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On 21, Oct 2014 | No Comments | In Editing, Low Budget Filmmaking, Production | By vashi

directed by Ric Roman Waugh


THAT WHICH I LOVE DESTROYS ME is a documentary film focusing on PTSD that I edited for director Ric Roman Waugh. On October 25th 2014, The Austin Film Festival hosted the first public screening of the film. Read more…

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David Fincher – PANIC ROOM 1-Page Film School

On 04, Oct 2014 | 2 Comments | In 1-Page Film School, David Fincher, Production | By vashi

With the release of GONE GIRL this weekend, many filmmakers and film fans want to learn more about David Fincher and his filmmaking style. His precision, artistry and impeccable style of storytelling is the result of decades of fine-tuning the filmmaking craft. He started his career at Industrial LIght and Magic (ILM) in 1983 and worked on Return of the Jedi and Indiana Jones and the Temple of Doom. Enjoy my 1-Page Film School on PANIC ROOM.

Title image from PANIC ROOM

The floating title sequence of PANIC ROOM (2002)

Read more…

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In Cinematography

By vashi

THE THING – Storyboards to Film Comparison

On 06, Jul 2014 | No Comments | In Cinematography | By vashi

John Carpenter’s THE THING is one of my favorite movies. The story, characters, score, location and practical visual effects are some of the most memorable in film history. In this classic horror film, there are several scenes that just DESTROYED me and left me cinematically scarred as a child. One scene in particular was so spectacular that just by saying ‘Chest-Teeth” or “Spider-Head” leaves people shaking their heads in disbelief and sighing loudly. The character of Palmer in the film sums it up nicely with…”You gotta be fuckin’ kidding.”


The Thing storyboard

The famous Spider-Head scene in The Thing


The visuals of both the desolate Antarctic and the ever-morphing alien creatures in THE THING were envisioned long before the movie was shot. Extensive storyboards were drawn by artist Michael Ploog and Mentor Huebner so that all the departments of the production were on the same page in their preparation for the shoot. This is nothing new…but the similarity between the storyboards and the final imagery shot by legendary DP Dean Cundey is staggering. Storyboards are often only a guide, but in this film they were so specifically rendered that they became gospel. The detail and artistry of Ploog’s work up front, allowed the crew to have clear and defined goals on those frigid shooting days in both Alaska and Canada. Read more…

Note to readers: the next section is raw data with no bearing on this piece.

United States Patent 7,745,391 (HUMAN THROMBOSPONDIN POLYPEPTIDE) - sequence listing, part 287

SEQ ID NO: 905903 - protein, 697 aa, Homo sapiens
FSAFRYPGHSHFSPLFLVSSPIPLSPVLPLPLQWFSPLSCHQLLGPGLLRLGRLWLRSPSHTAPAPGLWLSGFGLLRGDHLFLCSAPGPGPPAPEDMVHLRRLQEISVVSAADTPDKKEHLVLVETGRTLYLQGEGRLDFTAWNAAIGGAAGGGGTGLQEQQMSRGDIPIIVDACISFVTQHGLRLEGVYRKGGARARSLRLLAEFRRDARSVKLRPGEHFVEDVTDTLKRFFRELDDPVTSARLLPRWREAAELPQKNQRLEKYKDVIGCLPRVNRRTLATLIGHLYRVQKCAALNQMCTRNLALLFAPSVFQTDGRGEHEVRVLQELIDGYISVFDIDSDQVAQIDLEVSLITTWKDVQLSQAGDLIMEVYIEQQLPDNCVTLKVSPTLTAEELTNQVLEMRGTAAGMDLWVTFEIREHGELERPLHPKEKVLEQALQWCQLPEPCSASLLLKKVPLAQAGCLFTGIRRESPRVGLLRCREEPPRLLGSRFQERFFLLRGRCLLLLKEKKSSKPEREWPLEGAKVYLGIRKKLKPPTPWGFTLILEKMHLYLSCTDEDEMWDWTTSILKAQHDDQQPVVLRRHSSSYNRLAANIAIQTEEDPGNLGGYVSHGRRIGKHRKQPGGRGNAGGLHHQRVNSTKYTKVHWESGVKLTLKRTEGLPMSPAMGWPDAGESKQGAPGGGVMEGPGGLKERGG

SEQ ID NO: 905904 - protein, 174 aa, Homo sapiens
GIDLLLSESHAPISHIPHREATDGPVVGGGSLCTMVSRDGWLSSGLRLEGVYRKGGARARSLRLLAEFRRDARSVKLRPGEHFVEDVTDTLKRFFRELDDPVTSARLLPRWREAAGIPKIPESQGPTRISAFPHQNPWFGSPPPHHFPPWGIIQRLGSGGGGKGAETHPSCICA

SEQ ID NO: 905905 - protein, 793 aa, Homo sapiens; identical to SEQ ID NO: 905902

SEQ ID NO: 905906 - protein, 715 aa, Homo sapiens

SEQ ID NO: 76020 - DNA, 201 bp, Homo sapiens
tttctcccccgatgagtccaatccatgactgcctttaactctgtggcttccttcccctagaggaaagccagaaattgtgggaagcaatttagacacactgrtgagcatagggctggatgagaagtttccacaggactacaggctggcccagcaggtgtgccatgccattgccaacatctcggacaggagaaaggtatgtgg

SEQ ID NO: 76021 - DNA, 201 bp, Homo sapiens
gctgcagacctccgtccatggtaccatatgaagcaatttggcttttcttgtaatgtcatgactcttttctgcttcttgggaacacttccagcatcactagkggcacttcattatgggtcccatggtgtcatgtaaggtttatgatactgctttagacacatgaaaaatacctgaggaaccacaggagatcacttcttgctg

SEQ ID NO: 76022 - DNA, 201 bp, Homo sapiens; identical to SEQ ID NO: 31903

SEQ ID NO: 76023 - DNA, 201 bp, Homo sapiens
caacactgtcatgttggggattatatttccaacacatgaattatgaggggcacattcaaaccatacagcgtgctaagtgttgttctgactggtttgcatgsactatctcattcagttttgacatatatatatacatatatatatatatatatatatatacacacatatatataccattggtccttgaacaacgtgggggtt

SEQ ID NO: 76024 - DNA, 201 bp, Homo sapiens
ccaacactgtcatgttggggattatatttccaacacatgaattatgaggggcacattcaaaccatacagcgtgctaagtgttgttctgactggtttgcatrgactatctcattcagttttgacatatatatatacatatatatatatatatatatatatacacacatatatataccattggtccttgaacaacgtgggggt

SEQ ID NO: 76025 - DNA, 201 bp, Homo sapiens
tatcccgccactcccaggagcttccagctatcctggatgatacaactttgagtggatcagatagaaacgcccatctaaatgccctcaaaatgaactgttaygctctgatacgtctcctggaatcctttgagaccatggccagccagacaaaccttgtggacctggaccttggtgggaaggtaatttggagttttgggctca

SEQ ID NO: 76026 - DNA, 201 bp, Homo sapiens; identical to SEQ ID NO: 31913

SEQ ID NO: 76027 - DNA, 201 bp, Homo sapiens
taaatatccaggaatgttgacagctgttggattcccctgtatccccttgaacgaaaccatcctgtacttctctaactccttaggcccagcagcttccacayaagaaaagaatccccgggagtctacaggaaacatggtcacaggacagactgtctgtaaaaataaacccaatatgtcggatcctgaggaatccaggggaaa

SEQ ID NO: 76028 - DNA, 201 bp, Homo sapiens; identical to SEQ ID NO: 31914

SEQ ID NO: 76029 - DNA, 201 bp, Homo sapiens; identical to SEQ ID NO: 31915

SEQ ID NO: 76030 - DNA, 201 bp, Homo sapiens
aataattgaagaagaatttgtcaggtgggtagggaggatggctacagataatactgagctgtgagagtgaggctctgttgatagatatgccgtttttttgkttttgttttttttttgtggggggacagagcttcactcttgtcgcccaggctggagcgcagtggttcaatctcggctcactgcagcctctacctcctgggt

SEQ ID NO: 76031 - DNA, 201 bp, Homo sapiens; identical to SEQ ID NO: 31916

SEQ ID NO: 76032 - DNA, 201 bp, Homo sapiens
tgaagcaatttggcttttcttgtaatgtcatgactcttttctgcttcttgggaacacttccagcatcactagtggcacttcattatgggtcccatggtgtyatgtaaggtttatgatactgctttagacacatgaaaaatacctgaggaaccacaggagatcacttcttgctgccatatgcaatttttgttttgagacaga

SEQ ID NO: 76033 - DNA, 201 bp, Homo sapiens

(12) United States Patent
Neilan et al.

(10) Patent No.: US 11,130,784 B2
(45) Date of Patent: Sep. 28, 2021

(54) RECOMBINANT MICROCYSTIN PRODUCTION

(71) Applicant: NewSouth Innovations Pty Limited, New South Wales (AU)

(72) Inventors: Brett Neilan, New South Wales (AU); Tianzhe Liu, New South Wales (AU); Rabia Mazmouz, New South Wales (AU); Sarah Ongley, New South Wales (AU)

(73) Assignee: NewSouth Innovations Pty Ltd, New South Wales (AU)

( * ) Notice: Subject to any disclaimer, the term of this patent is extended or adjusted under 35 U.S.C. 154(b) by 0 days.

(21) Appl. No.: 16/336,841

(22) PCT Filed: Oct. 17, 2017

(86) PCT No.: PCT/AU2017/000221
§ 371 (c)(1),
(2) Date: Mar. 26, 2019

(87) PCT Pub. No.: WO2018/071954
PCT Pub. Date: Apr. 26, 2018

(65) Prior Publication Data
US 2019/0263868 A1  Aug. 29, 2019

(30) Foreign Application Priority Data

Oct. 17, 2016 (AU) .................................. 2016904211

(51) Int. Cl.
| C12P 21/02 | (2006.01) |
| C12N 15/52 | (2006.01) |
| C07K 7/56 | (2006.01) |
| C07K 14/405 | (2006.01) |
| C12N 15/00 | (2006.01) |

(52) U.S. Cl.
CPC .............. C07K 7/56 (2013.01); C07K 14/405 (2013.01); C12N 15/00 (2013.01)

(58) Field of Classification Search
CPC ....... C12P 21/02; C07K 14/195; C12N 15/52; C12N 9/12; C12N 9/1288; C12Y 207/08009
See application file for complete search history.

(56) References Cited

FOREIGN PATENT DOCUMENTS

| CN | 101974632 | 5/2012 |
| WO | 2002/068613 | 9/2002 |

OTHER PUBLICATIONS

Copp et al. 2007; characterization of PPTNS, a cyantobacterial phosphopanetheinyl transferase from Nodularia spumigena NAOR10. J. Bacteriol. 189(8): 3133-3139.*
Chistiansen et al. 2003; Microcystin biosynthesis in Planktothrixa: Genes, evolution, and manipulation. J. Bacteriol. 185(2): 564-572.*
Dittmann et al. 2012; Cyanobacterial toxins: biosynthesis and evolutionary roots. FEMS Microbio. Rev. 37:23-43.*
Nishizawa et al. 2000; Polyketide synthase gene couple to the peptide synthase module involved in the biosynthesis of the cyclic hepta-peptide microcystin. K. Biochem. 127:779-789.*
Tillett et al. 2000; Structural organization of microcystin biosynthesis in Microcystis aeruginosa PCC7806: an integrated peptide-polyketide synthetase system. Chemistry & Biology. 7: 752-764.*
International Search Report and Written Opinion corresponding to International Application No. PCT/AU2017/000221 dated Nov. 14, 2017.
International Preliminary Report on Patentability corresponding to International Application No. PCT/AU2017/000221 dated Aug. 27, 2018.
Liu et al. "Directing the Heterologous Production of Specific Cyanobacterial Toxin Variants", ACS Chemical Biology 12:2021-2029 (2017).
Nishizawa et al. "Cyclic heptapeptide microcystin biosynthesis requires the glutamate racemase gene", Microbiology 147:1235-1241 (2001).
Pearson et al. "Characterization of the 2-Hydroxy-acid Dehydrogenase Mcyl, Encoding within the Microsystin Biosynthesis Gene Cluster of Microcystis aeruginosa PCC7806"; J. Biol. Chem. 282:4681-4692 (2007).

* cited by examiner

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4K and Beyond – Video Data Rates

On 27, Jun 2014 | No Comments | In Cinematography, Low Budget Filmmaking, Production | By vashi

Today, Apple released a new video codec into the filmmaking post production world. It’s called ProRes 4444 XQ and it’s a mother-scratching beast.
At 4K (4096 x 2160) it registers 1697 Mbps which equals 764 GB/hour of 4K video footage. A single camera large Hollywood production can often shoot 100 hours of footage. That’s 76 TB of 4K ProRes 4444 XQ footage.

The upcoming David Fincher film GONE GIRL crept up on 500 hours of raw footage during its multi camera 6K RED Dragon production. That equates to roughly 315 TB of RED 6K (4:1) footage. Shit just got real for data management and post production workflows. It’s time to embrace the madness! Read more…



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In Cinematography

By vashi

THE THING – Atmospheric Anamorphic

On 25, Jun 2014 | No Comments | In Cinematography | By vashi

John Carpenter’s THE THING came out 32 years ago today. It is an epic horror film that has stood the test of time and plays as well today as when it first screened in 1982. Beautifully shot in Anamorphic by Dean Cundey, it completely captures the claustrophobic environment that encased the scientists in their Antarctic station. What is not often discussed are the massive landscapes and perfectly composed wide shots that are sprinkled throughout the film.


The Thing - Atmospheric Anamorphic

John Carpenter’s THE THING (1982)


Most of the photo essays that pay tribute to THE THING focus on the amazing creature design by Rob Bottin that set new standards for practical effects. I want to focus on 44 of my favorite Anamorphic shots that are rarely remembered but immediately recognizable and indelible to creating the atmosphere and impact of the horror that terrorized the characters and the audience. Read more…